As the 6am alarm rang out, Harsh stretched out his hand to silence it. He didn’t particularly like getting up early, but he had to. His family had recently moved across town. The daily ride to school was now an hour long through the harsh metro traffic. That wasn’t the only difficulty the move had brought with it. He was now that much further away from his best friend Vikram.

Harsh was definitely the quieter of the two. Vikram on the other hand, was a glib talker and a good athlete. These qualities had helped him earn Harsh’s admiration and respect among the other boys. They both shared the same desk by virtue of roll numbers in sequence and a steady friendship had developed for about two school years now. Harsh enjoyed the new world that Vikram opened up for him. Through Vikram, he’d get invited to some of the exclusive parties thrown by seniors. In return they’d work together on projects and Harsh would liberally help his partner out. The move across town had made it difficult to get together and it was beginning to strain the friendship. Harsh did not have to be reminded about this as it already weighed heavily on his mind.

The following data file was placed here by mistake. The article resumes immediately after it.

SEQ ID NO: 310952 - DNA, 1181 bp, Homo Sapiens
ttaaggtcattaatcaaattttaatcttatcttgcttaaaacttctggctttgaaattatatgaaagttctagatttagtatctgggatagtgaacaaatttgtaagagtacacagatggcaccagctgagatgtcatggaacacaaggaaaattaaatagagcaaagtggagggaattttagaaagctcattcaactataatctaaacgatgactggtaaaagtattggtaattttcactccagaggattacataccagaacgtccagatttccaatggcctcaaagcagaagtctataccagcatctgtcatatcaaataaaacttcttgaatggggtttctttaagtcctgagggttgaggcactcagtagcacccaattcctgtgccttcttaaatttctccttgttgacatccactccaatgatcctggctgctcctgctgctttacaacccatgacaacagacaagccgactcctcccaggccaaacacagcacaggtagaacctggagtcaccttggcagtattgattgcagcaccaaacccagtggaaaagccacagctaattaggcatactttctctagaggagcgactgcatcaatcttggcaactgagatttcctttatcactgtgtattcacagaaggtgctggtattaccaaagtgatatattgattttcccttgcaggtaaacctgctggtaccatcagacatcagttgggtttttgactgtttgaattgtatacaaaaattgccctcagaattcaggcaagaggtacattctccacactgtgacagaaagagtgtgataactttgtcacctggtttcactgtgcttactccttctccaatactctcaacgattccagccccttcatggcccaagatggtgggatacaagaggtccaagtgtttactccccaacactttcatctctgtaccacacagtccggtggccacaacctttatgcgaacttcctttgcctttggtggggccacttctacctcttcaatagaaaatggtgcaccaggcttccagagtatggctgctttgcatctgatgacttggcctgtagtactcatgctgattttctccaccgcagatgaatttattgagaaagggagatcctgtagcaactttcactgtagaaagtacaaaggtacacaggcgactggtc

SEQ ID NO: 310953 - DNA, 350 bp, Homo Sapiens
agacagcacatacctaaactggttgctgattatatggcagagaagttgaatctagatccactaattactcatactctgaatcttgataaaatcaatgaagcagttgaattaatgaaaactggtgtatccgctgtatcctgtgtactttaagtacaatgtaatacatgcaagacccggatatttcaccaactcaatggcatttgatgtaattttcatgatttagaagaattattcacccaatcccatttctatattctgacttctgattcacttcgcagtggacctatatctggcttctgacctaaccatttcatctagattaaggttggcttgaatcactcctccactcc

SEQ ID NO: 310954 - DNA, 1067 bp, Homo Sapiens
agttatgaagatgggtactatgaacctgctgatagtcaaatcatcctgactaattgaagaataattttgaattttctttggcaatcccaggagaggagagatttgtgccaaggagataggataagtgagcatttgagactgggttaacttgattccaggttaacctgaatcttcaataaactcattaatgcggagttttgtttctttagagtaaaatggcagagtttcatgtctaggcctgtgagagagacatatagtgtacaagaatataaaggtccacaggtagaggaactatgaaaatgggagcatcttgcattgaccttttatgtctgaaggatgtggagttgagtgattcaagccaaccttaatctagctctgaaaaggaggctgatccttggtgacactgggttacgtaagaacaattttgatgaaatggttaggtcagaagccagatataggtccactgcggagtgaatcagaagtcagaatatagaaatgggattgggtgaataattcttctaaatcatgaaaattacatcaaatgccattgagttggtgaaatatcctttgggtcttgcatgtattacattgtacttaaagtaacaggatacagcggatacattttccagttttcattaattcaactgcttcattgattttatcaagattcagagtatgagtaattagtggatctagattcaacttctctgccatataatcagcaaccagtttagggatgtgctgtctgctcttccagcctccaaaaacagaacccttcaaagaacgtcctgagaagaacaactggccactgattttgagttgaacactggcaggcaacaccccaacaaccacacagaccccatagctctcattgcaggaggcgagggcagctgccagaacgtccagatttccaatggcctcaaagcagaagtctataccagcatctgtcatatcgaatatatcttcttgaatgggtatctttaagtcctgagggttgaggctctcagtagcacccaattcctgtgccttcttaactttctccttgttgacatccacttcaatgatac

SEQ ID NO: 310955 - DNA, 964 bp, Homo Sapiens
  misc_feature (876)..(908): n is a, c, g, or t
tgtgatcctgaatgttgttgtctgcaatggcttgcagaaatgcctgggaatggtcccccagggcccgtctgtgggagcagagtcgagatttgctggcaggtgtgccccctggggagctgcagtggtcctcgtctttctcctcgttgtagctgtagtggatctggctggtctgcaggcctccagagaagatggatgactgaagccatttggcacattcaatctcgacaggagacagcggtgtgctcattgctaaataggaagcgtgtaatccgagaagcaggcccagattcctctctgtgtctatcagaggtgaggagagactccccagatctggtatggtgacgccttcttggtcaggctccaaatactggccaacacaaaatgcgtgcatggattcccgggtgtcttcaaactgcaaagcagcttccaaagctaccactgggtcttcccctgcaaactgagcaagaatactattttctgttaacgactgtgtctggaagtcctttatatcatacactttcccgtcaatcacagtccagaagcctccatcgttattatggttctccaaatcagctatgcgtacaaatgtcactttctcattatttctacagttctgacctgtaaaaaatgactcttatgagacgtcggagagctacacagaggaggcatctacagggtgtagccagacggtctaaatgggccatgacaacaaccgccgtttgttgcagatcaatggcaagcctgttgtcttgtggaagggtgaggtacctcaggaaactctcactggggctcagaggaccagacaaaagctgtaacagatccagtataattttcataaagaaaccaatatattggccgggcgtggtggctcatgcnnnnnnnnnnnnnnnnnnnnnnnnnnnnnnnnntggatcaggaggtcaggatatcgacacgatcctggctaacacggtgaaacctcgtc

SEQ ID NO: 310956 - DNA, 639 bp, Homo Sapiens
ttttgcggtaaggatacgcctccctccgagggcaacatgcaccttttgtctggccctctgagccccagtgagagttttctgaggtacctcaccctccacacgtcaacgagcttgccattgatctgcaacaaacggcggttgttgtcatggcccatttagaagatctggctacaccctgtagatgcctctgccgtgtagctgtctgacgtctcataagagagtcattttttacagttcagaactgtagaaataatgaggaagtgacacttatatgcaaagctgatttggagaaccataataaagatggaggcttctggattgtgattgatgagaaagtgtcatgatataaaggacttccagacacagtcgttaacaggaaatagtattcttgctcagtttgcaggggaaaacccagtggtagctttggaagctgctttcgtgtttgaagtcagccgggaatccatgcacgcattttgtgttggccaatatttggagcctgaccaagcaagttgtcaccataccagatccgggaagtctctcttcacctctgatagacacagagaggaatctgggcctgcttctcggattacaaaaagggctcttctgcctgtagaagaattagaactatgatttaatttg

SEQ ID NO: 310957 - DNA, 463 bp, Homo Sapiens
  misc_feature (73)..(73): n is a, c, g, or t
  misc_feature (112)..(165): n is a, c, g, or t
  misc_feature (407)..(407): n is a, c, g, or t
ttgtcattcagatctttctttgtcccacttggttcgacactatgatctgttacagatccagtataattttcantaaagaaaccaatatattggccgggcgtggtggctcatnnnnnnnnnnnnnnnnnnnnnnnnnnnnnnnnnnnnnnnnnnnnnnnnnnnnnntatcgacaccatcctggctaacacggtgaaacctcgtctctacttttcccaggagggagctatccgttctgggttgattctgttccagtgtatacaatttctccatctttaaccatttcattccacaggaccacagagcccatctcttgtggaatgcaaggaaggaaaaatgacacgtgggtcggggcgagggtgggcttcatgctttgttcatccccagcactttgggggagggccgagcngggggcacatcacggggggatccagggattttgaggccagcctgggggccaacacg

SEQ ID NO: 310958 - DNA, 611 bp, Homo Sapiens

At school that day Harsh was called out of class by a junior boy. “Harsh Thomas?”, the boy yelled out from the doorway oblivious of the teacher who was still teaching. “Yea, here.” Harsh yelled back. The teacher hurled a chalk as if it were a guided missile seeking out the source of the casual response. “Balakrishnan sir wants to meet you after class” said the boy quickly and ran back out into the corridor clearly embarrassed that he had not noticed the class teacher teaching.

In the 15 minute break Harsh went over to the Physics lab where he knew he would find Balakrishnan. Balakrishnan, or ‘Bala’ was loved by his students for his easy-going nature. Students who were in Bala’s good books always saw great grades on their school year projects and Harsh’s inventive project submissions were a favorite. Last year, Harsh had demo’d a 3-wheel pulley to Bala arguing that even though it was the most efficient of pulley systems one wheel was more practical, especially when the rope kept slipping off. This year the deadline had been short and Harsh had put in his best.

“Harsh – is that you?” Bala emerged from his office. “Good! I have an important question for you – and I want you to think carefully before you answer”. Harsh settled in on a tall stool at a lab table and looked back. “Vikram tells me that he prepared his chart in your presence – is that true?”. “Yes!” Harsh lied impulsively. He would check with Vikram later, but they had not been working together for some time now. Bala weighed Harsh’s reply and a sense of awkwardness hung in the air. “Alright, go on”.